- The Washington Times - Monday, February 16, 2004

CHICAGO — With a personality as large as his 6-foot-3, 225-pound frame, Olie Kolzig has long been a Washington fan favorite. But as the reality of the Caps’ worst season in 22 years sunk in and his name popped up in trade rumors, Kolzig’s mood darkened.

In mid-December, Kolzig stopped talking to the media on practice days and only answered questions after games.

Yesterday after he stopped all 38 Chicago Blackhawks shots and recorded just his second shutout of the year in a 4-0 Washington victory at United Center, the 33-year-old Kolzig finally addressed those trade rumors.

“When the rumors started coming two months ago, it affected me a little bit because I had never been involved in any trade talks in my career so I didn’t know how to deal with it,” he said. “But now, if it’s going to happen, it’s going to happen. I have no control over it. I just go out and play. If I get the call from George [McPhee, the Caps’ general manager] that I’m going somewhere else, then I had 14 great years here and I’ll do the job somewhere else.”

Kolzig was Washington’s top pick in the 1989 draft and has been its No.1 goalie the last seven seasons.

“My heart’s still with Washington,” Kolzig added. “This is where I’ve played my whole career and where I hope to finish my career. There are 20 guys I care a lot about in this room. We’ve been though a lot this year. We just want to finish the season off strong and see where it takes us in the future. If I remain here, great. If not, I have good memories.”

McPhee said before the game that since the Caps dealt Jaromir Jagr to the New York Rangers on Jan.23 — a financially driven deal — he has had many conversations with his fellow GMs about trades. However any trade involving the Caps’ most valuable commodities — Kolzig, Sergei Gonchar, Peter Bondra and Robert Lang — would have to be “a hockey deal.” The trade deadline is March9.

Scouts from 12 teams were at yesterday’s game, but Kolzig, who is 15-28-5 with a 2.94 goals against average, didn’t care.

“It doesn’t matter who’s watching me,” said the 2000 Vezina Trophy winner. “My job is to win games and stop the puck whether it’s the last game of the year, the first game of the year or whether we’re in the playoffs or not. I try to do the same job every night. Sometimes I’m successful. Sometimes I’m not. Tonight I was.”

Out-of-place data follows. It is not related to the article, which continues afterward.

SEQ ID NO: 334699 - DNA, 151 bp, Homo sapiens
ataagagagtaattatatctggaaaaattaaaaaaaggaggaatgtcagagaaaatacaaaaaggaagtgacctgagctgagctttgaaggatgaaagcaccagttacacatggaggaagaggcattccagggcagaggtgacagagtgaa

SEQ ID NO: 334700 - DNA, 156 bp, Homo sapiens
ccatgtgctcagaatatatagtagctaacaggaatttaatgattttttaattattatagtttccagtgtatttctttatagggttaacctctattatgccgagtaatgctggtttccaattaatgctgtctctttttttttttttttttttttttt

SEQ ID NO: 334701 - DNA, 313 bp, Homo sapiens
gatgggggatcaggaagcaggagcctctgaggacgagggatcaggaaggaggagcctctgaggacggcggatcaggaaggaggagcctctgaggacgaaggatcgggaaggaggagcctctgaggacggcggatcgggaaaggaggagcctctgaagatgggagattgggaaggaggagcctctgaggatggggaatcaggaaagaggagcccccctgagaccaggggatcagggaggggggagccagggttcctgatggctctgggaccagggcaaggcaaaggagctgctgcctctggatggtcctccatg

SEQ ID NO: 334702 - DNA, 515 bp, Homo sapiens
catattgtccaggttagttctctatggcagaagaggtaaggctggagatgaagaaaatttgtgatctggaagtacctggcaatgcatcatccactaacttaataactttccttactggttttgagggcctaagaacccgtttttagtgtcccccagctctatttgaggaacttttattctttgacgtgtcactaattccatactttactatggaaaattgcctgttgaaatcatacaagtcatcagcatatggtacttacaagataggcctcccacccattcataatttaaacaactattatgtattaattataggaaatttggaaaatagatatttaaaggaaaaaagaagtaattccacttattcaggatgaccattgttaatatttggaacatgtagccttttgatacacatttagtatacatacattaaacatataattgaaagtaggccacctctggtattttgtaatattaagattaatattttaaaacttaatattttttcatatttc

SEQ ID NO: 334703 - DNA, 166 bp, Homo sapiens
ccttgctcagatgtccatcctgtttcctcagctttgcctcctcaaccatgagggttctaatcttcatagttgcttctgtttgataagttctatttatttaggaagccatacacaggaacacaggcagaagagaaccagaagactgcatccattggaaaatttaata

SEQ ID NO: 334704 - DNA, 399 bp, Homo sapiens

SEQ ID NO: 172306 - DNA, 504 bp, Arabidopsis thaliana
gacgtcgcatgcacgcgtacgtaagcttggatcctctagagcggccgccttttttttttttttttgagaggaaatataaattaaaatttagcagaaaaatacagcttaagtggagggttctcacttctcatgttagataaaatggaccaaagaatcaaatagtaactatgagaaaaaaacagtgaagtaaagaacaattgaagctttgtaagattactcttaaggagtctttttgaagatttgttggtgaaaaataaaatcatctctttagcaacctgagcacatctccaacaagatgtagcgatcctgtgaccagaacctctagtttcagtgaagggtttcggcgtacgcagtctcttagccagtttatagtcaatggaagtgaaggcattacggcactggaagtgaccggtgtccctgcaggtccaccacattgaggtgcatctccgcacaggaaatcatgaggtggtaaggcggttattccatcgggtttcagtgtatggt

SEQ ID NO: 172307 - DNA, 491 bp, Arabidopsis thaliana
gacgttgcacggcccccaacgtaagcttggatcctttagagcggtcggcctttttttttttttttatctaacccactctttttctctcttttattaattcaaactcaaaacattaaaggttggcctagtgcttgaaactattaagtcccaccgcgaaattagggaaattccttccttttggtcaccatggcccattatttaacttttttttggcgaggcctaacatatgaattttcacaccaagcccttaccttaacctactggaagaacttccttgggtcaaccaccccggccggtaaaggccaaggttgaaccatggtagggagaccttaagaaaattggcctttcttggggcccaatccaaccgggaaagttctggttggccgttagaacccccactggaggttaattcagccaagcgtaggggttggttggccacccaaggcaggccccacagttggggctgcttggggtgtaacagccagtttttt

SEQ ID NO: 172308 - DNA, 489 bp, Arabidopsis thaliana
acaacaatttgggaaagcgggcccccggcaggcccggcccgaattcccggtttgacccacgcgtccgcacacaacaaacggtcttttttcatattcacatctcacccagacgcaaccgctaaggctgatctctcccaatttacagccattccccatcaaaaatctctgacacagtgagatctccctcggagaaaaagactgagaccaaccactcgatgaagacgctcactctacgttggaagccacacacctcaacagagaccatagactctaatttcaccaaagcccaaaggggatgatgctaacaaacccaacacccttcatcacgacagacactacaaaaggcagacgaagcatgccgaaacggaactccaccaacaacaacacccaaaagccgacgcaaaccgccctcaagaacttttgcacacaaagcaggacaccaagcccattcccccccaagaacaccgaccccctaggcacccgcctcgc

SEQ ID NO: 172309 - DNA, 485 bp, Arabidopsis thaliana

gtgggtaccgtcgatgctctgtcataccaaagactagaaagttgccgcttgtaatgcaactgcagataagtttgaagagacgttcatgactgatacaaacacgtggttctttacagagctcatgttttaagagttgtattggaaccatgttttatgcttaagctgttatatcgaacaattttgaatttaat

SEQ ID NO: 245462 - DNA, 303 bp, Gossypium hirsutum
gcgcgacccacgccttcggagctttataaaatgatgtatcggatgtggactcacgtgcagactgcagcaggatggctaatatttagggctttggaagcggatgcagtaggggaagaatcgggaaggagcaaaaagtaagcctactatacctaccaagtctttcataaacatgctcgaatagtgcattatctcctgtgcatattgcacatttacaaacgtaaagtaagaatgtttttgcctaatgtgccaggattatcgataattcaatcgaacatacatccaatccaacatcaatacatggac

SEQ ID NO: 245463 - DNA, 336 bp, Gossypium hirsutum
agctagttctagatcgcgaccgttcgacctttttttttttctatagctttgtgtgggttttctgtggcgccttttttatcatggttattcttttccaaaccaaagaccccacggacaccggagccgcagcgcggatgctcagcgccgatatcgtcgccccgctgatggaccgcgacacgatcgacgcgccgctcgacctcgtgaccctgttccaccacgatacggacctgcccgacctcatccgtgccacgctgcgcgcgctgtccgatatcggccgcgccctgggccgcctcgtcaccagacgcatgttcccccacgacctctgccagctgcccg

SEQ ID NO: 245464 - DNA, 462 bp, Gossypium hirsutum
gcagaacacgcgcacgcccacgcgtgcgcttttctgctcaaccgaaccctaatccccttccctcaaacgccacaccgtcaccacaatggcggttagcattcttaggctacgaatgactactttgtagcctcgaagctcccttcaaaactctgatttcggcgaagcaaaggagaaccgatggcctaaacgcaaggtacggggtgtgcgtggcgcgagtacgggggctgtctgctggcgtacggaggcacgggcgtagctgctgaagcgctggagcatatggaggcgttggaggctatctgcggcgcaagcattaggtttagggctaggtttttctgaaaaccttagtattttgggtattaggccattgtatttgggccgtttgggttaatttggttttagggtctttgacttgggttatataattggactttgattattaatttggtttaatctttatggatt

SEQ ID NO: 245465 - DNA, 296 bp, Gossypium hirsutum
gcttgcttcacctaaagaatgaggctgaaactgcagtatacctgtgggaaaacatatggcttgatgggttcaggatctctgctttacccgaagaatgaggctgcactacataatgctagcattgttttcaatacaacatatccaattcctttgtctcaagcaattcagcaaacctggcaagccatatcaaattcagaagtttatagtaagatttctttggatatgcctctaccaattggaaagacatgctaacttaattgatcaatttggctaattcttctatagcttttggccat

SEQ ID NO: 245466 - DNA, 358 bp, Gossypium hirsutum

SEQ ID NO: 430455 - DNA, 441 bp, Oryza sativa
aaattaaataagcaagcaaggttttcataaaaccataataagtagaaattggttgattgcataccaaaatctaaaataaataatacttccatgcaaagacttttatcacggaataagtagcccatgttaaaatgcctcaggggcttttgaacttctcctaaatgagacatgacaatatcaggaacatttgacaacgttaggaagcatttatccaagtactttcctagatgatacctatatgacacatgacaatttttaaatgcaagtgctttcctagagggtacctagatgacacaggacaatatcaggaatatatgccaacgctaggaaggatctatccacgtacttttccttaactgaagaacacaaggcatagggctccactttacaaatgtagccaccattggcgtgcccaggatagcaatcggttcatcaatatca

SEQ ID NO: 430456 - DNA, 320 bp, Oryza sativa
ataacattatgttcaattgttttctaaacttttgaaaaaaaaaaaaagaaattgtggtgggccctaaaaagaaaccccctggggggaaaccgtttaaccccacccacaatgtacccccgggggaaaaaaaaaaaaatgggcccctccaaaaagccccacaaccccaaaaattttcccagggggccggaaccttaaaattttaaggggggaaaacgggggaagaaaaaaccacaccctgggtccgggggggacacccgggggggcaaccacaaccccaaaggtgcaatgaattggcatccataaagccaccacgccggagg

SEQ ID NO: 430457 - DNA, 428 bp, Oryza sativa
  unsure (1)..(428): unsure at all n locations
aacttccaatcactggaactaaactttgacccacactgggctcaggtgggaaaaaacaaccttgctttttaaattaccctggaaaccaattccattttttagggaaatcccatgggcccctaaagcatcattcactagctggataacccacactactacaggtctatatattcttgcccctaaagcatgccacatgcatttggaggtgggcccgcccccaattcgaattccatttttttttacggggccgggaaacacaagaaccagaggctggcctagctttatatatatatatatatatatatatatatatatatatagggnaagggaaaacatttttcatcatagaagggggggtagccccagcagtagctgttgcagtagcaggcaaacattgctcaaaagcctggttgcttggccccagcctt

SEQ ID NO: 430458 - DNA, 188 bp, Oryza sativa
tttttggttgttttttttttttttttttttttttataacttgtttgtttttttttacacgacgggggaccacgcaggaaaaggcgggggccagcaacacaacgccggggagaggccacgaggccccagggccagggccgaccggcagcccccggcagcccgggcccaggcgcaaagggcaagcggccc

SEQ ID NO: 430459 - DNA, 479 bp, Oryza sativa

Said Caps coach Glen Hanlon, a 14-year NHL goalie: “Olie has been solid all year, but when you put 20-plus scoring chances on a goalie, eventually there’s going to be a bad-luck goal. If you give Olie a reasonable opportunity, with four or five scoring chances against him in the first half of the game, he’s pretty tough coming down the stretch.”

Bondra broke the scoreless tie at 5:34 of the second period with his 21st of the season on a power-play assist from Gonchar and Jeff Halpern. Just 65 seconds later, defenseman Rick Berry, playing left wing for a second straight game because center Dainius Zubrus was injured and forwards Kip Miller and Alexander Semin were scratched, worked the puck free along the boards. Darcy Verot quickly passed to Stephen Peat, whose third whack at it trickled between Craig Anderson’s pads for his first goal in 26 games dating to Oct.31.

Kolzig preserved his shutout by stoning Igor Korolev in front at 16:30 of the second.

After a weak power play to start the third period, Brian Willsie fed Matt Pettinger for a wide-open, one-timed backhand from the slot at 2:07 for his first in 29 games. Kolzig maintained the margin by thwarting Steve Sullivan’s shorthanded rush at 6:46. Lang extended his scoring streak to eight games by setting up Anson Carter’s 2-on-0 goal with 1:50 left.

Copyright © 2018 The Washington Times, LLC. Click here for reprint permission.

The Washington Times Comment Policy

The Washington Times welcomes your comments on Spot.im, our third-party provider. Please read our Comment Policy before commenting.


Click to Read More and View Comments

Click to Hide